ACL reconstruction is best performed by an orthopaedic surgeon who is experienced in knee surgery.


Ligaments are strong bands of tissue that connect one bone to another.  They help protect against abnormal movement and control the normal movements of the knee.  The ACL is one of two ligaments that cross in the middle of your knee connecting your thigh bone (femur) to your shin bone (tibia) and helps stabilize your knee joint.

Most ACL injuries happen during sports that can put stresses on the knee:

  • suddenly slowing down and changing direction (cutting)
  • pivoting with your foot firmly planted
  • landing incorrectly from a jump
  • stopping suddenly
  • receiving a direct blow to the side or the front of the knee


Although conservative treatment with good rehabilitation can suffice for some patients who are not particularly active in sports it is generally recommended that surgery is carried out for patients who:

  • are young and active
  • want to go back to rotational sports
  • have instability of their knee with normal daily activities
  • have concomitant injuries such as collateral ligament damage or meniscus tears.

The need for you to have surgery should be discussed with your surgeon.


Before the operation:

You may likely undergo some weeks of physiotherapy in order to reduce the pain and swelling and to ensure that your knee has got a good range of movement and your muscles are strong before the operation.  If you have surgery when your knee is still inflamed, swollen, and doesn’t have the full movement you may not regain a full range of movement after the surgery.

The surgery:

This is usually carried out as a one day or overnight procedure.  It is done with the use of an arthroscope where small holes are made in the knee through which the surgeon works to place the new ligament in position.  Small holes will be drilled through the shinbone and the thigh bone in order to pass the ligament and it is then fixed to bone securely.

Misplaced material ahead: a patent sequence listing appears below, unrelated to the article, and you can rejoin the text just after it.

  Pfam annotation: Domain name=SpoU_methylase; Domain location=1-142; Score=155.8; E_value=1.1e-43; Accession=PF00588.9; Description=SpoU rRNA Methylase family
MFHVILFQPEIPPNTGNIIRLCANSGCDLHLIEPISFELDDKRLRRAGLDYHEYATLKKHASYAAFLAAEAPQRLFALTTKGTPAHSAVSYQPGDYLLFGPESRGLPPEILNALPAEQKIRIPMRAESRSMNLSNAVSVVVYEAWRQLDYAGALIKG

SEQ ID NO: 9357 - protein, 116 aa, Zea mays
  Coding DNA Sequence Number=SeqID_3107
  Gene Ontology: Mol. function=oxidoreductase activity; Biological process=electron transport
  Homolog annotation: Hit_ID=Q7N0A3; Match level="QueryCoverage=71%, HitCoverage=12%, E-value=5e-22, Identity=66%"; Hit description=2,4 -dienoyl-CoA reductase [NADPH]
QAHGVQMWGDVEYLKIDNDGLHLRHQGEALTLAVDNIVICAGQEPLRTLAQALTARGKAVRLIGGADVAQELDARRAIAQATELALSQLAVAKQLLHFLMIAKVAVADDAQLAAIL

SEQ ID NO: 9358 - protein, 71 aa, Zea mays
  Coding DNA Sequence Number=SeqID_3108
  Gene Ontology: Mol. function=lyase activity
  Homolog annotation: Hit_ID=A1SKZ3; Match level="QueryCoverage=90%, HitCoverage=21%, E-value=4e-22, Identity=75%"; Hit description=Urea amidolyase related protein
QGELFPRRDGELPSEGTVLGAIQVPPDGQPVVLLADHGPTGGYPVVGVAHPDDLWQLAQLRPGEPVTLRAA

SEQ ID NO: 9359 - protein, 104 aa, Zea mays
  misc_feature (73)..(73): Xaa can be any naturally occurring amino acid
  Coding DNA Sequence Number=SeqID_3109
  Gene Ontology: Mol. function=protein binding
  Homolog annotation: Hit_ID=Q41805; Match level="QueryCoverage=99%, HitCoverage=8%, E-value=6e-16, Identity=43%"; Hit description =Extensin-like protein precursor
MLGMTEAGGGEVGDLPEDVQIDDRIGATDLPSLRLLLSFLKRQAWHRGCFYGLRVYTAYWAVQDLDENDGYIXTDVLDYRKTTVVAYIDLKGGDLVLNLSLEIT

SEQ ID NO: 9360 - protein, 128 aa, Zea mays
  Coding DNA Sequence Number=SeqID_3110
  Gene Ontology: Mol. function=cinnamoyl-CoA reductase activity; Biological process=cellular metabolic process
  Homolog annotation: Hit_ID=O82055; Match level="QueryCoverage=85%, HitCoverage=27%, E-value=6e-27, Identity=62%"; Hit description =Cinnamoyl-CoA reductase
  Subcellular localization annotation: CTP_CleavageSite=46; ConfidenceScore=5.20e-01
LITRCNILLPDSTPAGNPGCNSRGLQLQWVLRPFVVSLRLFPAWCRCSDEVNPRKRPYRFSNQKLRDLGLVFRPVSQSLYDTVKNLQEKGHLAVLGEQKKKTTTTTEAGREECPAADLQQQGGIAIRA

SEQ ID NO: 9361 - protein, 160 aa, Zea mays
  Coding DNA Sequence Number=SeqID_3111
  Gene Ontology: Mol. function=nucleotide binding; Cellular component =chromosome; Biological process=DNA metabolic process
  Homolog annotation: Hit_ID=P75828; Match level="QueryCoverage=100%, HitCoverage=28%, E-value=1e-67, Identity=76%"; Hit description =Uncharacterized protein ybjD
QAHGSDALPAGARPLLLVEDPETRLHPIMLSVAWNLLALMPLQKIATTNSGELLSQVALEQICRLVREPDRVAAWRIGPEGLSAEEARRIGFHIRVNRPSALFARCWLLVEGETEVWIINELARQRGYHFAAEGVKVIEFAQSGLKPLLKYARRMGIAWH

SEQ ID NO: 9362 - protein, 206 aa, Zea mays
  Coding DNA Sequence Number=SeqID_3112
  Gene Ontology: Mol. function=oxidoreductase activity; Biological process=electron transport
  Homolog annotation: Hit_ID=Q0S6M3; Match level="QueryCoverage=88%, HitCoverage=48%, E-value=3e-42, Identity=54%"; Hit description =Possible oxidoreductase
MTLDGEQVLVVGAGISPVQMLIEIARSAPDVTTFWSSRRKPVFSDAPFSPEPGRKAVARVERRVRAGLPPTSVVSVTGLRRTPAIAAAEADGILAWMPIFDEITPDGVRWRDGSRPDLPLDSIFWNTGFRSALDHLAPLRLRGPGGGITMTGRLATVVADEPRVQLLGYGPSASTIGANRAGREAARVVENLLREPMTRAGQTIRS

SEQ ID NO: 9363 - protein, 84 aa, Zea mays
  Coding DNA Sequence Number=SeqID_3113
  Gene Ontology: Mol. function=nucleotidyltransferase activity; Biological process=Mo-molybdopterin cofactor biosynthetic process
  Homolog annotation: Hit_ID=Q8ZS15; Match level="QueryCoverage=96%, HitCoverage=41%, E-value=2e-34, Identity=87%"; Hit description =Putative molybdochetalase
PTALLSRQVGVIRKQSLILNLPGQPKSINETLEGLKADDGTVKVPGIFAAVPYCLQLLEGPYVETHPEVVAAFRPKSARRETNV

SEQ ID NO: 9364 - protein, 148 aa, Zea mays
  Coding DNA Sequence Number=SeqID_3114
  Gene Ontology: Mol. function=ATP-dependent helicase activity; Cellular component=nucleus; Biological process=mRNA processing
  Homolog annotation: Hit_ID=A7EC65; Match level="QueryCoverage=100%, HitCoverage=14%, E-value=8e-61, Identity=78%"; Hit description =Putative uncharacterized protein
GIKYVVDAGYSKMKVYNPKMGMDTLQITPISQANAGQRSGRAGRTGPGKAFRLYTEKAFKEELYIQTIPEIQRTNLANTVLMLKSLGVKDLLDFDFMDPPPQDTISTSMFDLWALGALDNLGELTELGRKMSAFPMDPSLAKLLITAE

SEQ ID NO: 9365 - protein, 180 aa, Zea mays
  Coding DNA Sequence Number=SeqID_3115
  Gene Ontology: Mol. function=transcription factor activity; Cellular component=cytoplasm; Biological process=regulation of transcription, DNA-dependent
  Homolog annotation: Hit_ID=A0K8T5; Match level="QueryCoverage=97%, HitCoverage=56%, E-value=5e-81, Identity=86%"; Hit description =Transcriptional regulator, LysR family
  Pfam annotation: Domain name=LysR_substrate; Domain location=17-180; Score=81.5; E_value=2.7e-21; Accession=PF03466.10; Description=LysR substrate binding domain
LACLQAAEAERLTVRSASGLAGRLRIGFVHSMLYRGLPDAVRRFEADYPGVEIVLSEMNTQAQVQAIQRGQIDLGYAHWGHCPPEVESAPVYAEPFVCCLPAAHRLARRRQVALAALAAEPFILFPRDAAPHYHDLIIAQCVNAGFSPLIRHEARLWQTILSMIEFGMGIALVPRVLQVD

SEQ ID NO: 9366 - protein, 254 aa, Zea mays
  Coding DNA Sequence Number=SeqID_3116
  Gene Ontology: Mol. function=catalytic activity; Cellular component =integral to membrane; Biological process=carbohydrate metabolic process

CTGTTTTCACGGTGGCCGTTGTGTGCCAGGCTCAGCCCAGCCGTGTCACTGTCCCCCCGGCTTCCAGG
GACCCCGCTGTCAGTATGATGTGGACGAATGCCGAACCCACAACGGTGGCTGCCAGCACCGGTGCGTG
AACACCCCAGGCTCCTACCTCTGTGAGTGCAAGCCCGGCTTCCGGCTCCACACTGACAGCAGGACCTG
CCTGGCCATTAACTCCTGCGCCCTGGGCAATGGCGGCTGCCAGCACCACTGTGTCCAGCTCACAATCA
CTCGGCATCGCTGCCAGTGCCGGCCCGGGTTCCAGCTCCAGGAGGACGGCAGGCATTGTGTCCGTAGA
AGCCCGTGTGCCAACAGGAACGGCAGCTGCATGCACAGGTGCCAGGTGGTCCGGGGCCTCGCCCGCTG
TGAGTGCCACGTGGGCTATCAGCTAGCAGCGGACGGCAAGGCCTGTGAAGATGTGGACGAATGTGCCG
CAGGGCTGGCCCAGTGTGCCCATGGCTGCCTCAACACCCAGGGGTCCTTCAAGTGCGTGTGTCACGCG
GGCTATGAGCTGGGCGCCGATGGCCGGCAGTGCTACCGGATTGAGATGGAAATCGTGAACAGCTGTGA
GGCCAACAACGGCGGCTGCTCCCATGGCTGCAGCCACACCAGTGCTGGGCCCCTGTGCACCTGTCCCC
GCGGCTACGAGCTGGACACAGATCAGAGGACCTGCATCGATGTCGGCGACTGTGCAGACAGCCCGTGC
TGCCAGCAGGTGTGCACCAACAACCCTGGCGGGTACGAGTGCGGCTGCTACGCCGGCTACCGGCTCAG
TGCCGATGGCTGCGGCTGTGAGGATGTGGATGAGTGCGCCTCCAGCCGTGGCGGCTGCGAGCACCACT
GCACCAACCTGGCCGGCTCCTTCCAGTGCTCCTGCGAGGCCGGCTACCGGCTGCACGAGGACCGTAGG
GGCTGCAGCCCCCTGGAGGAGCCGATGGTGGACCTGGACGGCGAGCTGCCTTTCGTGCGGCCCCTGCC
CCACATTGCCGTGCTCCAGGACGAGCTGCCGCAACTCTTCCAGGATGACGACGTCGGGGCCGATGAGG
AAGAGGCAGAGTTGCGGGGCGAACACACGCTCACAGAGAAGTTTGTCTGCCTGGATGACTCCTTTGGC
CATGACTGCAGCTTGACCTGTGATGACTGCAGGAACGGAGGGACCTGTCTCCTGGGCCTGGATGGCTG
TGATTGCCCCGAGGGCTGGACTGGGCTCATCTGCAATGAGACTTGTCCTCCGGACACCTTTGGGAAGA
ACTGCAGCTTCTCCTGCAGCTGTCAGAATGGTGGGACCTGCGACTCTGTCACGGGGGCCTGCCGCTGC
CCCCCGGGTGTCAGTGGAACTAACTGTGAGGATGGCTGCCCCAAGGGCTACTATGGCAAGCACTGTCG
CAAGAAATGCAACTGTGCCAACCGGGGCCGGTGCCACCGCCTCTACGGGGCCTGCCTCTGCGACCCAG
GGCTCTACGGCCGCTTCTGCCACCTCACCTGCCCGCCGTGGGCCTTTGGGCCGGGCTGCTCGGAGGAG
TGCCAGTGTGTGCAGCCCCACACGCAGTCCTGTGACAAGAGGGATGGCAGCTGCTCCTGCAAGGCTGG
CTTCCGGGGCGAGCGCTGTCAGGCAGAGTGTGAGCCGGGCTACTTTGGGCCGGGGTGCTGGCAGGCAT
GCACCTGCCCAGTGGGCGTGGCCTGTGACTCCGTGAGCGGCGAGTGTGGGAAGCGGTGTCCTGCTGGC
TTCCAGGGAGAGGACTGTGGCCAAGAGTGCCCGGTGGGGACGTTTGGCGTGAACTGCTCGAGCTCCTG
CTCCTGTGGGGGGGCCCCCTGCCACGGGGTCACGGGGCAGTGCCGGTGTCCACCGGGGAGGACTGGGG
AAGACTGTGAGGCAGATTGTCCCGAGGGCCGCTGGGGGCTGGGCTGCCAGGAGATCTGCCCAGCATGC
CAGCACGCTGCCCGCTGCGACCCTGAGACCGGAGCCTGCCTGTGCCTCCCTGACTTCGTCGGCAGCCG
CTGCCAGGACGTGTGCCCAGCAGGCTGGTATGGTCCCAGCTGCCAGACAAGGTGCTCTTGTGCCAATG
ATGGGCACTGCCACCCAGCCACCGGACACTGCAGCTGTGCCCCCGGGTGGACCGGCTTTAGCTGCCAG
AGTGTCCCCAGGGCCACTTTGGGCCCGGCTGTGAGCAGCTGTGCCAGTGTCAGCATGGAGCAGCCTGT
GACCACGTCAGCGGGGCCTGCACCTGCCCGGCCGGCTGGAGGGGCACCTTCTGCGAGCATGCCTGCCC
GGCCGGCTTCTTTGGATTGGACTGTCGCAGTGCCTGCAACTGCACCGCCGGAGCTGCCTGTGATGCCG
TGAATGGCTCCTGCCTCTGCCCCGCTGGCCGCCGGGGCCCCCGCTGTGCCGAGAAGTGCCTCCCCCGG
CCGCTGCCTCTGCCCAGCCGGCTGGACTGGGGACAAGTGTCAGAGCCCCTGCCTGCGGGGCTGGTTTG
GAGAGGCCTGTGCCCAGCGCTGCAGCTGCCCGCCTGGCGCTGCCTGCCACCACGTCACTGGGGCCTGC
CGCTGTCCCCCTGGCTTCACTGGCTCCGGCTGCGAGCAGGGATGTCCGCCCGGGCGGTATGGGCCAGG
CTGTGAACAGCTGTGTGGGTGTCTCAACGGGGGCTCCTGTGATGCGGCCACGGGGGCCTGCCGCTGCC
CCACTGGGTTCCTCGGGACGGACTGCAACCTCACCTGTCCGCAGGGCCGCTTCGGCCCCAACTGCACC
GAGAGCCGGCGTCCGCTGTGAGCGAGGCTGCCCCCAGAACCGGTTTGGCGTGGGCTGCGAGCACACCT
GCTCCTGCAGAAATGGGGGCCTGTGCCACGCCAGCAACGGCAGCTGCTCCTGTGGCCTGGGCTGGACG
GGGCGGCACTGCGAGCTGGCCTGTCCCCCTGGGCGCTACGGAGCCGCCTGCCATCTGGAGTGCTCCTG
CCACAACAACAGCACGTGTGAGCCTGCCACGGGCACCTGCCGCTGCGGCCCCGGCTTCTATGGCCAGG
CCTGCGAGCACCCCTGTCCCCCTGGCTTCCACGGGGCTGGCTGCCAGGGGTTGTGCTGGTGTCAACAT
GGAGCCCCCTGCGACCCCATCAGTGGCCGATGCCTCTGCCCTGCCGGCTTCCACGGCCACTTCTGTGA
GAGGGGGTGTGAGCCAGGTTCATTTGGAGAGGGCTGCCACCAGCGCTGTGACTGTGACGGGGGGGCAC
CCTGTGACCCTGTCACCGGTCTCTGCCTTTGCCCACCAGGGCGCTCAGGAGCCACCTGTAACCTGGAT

The surgery normally takes around an hour and is done with a spinal and general anaesthetic that prevents post-operative pain.

The surgeon will choose which graft is most suitable for your particular injury and will use either hamstring tendon; quadriceps tendon; or patella tendon to reconstruct your ACL.

After the procedure, you will be in a brace that will be used for between four and six weeks depending on your injury and surgery.  You will have a physiotherapy treatment prior to leaving the hospital so that you know how to walk correctly and look after your knee and manage the brace. You will get an appointment for a wound check and stitch removal.

Off work:

You should take 7-10days off to rest the knee, but you won’t be able to do manual labour for 4-6 weeks.


Your physiotherapist will help you regain movement and start with certain strengthening exercises.  Once you reach a certain stage of your rehabilitation a biokinetist will take over the strengthening and re-education of your muscles.

This is absolutely essential for the good recovery and success of your operation.


Generally, it takes a minimum of 9 months for the knee to be fully rehabilitated and strong.  However, it is often recommended that patients wait a year before returning to their chosen sport.


Risks of surgery

  • Infection

All surgery has a risk of infection but in our unit, this is less than 1% and we take all necessary precautions.

  • Clots in the leg (deep vein thrombosis)

The risk is also low, less than 1%

  • Stiffness

This is a very rare complication where patients lose the ability to fully bend or straighten their knees and with good pre-op and post-operative rehabilitation, this is a low-risk factor.

  • Numbness

Occasionally, about 5%, of patients get a little loss of feeling around the incision where the graft was taken.

  • Failure of the graft

The graft can stretch out through no one’s fault and the knee can become unstable.

In about 5-7% of cases, the graft can get torn in sports or with sudden rotational movements, as happened with your original ACL injury.

To see a video of ACL procedure, please visit
Patient info

We ensure that quality care is afforded to our patients even before formal consultation by taking necessary information about our patients, their lifestyle, and their current ailments.

Knee Specialists in Johannesburg

Prof. Ponky Firer, Dr. Brad Gelbart, and Dr. Matthew Street specialize in knee conditions of any type. Their approach is to improve your mobility and lessen your pain in the least invasive manner possible.